The COVID-19 outbreak has severely impacted students’ mental health. This is the conclusion of a nationwide survey conducted by Lucian Milasan and Ed Griffin – Lecturers in Mental Health at De Montfort University. They explored experiences of psychological distress and its impact on academic performance, along with students’ perception of the support received during the COVID-19 pandemic.
People say that university is where you find yourself, where you finally say goodbye to your inner child and begin building the adult within you. But it’s not...
It is understood that physical activity and the natural environment is beneficial for mental health and well-being. I am researching the role of blue exercise (exercise conducted in a natural setting which is predominantly blue space e.g. coastlines, rivers) on young people’s (aged 11-16) well-being. For both conceptual and methodological reasons, there is not a valid or accessible measure of young people’s well-being for me to use to assess the relationship between blue exercise and well-being. I am therefore in the midst of developing and validating my own measure of young people’s well-being. Once developed I will be conducting an intervention study with the Andrew Simpson Sailing Foundation to investigate whether participation in their sailing courses improves the well-being of young people over the course of at least 1 month.
Academic staff and those in personal tutoring roles are often at the frontline of supporting students’ mental health. Positive support from academic staff has been found to facilitate academic and social integration for students, as well as improving students’ beliefs about their academic abilities. Importantly, poor personal tutoring from academic staff is actually worse than providing no tutoring at all (Yale, 2017).
A recent survey by educations.com reveals that 60% of prospective students deem a university’s mental health services to be a very important factor when deciding where to study. A striking finding is that half of these students did not consider this to be a very important factor before the Covid-19 pandemic (1).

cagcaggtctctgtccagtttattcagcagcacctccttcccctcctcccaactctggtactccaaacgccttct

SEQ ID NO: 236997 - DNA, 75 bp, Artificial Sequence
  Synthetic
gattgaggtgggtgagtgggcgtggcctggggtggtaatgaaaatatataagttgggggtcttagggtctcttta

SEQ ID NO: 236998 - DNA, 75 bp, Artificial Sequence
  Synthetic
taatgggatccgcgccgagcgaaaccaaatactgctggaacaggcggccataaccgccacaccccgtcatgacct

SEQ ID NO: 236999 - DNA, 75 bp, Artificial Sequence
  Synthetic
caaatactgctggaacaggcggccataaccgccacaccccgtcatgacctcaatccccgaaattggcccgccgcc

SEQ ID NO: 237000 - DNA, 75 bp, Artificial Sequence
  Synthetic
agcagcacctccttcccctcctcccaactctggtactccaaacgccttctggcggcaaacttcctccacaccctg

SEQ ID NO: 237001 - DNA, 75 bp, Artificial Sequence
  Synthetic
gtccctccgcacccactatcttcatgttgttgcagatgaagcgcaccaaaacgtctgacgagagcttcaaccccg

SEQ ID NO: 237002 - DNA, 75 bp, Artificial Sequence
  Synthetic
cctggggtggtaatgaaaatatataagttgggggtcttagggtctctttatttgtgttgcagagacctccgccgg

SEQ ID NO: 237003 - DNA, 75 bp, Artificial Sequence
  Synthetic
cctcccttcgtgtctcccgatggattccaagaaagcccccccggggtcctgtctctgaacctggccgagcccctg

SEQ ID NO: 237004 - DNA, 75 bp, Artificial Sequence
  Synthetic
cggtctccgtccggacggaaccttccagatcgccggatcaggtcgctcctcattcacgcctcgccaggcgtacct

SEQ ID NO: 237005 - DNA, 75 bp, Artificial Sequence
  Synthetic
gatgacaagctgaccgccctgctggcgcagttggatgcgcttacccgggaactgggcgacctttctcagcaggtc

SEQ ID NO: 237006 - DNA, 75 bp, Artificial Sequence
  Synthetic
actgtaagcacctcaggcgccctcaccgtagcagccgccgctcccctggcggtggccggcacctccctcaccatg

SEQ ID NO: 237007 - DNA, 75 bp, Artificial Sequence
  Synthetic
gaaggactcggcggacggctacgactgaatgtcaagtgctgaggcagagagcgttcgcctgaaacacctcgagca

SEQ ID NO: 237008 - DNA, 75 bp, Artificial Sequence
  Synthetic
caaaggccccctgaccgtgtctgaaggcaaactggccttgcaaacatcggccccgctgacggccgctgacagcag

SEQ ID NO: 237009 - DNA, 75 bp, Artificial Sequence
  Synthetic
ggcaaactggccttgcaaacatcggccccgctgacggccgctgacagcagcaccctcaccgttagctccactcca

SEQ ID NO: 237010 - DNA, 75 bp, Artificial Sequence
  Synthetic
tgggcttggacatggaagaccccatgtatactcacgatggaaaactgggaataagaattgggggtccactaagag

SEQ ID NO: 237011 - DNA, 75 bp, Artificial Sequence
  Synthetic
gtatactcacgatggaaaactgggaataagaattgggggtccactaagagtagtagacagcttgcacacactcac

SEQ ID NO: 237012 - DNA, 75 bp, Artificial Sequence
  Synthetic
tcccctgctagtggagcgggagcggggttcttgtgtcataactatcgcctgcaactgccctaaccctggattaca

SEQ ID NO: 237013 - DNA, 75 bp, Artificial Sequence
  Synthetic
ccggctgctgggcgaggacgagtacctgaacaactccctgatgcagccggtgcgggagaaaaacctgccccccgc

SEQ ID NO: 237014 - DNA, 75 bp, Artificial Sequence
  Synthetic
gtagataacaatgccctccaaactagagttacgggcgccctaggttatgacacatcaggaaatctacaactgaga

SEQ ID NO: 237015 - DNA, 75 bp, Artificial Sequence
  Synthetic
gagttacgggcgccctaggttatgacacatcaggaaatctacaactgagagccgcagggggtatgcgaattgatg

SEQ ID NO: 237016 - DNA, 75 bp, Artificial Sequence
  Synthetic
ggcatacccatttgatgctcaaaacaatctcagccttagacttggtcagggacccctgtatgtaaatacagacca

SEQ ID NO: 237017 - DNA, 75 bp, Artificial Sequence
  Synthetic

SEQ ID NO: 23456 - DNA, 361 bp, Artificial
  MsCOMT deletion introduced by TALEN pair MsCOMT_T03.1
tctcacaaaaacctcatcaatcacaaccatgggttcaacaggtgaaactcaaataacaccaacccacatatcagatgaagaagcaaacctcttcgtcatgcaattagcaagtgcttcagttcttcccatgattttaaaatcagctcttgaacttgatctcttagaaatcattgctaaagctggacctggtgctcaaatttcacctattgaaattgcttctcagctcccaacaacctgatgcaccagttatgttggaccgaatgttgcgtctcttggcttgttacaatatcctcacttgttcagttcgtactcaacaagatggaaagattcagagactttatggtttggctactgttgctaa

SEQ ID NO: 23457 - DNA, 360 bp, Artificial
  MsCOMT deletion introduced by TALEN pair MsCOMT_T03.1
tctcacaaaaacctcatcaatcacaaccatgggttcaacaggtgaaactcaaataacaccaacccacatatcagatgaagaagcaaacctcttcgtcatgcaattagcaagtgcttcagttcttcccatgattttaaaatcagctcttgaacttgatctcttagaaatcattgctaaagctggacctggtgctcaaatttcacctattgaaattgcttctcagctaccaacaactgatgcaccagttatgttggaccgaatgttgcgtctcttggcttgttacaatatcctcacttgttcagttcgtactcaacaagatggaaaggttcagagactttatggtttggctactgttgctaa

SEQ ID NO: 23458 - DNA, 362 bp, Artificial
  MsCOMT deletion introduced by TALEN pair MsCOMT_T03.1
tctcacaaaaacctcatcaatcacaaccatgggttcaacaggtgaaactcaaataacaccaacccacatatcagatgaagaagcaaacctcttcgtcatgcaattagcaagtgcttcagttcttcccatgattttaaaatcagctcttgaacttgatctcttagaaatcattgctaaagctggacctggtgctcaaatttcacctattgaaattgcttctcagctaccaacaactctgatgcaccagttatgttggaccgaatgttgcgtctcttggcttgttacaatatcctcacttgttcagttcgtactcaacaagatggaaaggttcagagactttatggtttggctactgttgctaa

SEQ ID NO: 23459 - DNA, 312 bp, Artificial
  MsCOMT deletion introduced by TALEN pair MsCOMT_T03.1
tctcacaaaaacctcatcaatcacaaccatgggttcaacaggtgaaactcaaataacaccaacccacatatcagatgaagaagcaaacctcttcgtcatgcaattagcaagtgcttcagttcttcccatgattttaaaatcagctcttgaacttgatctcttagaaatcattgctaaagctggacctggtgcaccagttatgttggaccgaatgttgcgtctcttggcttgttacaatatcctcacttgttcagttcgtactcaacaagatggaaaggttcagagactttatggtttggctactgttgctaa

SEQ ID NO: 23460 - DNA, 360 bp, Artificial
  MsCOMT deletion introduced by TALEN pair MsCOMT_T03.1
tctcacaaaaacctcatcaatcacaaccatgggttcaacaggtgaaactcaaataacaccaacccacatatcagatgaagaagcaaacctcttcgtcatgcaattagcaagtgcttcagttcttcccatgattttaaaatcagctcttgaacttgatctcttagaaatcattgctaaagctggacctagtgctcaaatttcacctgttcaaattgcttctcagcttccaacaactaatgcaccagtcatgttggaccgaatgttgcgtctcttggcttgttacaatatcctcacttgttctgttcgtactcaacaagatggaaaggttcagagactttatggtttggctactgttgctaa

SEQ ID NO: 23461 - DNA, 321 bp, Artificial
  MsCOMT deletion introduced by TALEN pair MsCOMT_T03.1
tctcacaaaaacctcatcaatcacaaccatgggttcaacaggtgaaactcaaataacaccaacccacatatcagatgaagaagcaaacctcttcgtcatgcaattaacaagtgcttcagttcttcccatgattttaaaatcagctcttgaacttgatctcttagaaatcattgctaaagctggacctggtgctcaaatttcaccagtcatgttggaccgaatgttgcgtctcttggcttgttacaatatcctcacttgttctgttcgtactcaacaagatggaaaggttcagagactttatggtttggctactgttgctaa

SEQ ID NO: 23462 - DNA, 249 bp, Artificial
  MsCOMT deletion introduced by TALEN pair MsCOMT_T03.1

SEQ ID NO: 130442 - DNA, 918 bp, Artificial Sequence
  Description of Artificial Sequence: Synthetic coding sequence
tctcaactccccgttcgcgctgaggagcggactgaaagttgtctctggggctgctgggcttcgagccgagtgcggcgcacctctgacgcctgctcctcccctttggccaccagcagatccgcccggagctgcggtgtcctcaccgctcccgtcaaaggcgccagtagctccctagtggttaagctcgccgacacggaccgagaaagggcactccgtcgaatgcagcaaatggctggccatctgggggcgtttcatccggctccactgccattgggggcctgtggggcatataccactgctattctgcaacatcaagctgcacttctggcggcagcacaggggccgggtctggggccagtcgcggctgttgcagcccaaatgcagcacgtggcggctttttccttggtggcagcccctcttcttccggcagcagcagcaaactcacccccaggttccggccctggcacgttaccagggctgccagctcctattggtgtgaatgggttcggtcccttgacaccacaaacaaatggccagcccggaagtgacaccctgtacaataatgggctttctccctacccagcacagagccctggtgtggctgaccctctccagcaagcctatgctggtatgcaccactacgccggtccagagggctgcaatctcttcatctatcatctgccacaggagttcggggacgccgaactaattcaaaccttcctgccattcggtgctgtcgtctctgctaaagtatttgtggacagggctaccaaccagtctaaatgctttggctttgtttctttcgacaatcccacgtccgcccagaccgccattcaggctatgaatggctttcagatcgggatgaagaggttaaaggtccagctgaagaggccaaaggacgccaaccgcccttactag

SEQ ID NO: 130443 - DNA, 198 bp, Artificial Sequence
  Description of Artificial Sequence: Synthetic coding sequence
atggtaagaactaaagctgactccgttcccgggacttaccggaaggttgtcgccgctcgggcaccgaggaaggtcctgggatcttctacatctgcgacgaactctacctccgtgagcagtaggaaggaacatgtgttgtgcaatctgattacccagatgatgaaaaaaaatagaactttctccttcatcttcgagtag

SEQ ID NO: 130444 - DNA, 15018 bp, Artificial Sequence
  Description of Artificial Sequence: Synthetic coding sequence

University students are a high-risk group for mental health problems, given that most cases of mental health problems have emerged by the age of 24 (Kessler, Berglund, Demler, Jin, Merikangas, & Walters, 2005; see also Kim-Cohen, Caspi, Moffitt, Harrington, Milne, & Poulton, 2003) and some research suggests that the prevalence of these problems is increasing (Institute for Public Policy and Research [IPPR], 2017).
There’s a lot of focus on the mental health risks for widening participation students. That’s what I’m researching, on behalf of Health Action Campaign. I’d welcome feedback on this from fellow researchers.
Whilst the academic landscape is undoubtedly changing, evidence still suggests that research remains a highly competitive, strenuous and lonely profession. According to Nature, a 2019 study revealed that “more than one-third of respondents (36%) said that they have sought help for anxiety or depression caused by their PhD studies”, a third of which sought this help from places other than their own institution.
The Student Mind’s Key Questions project has identified that students are curious about the relationship between university life and stress. Connor, a member of our student research team, has been exploring this question further, asking if chronic stress overlooked in students because it is assumed that students should be stressed, and it is normal to be stressed.
Have you adapted your teaching practice with student mental health in mind, or have a curriculum that you think might have an impact on student mental health? If so, the Education for Mental Health team would like to hear from you!!
We are using this blog to help connect stakeholders across Higher Education interested in student mental health. If you have a project you are working on or an idea you'd like to develop, why not write your own blog post for us?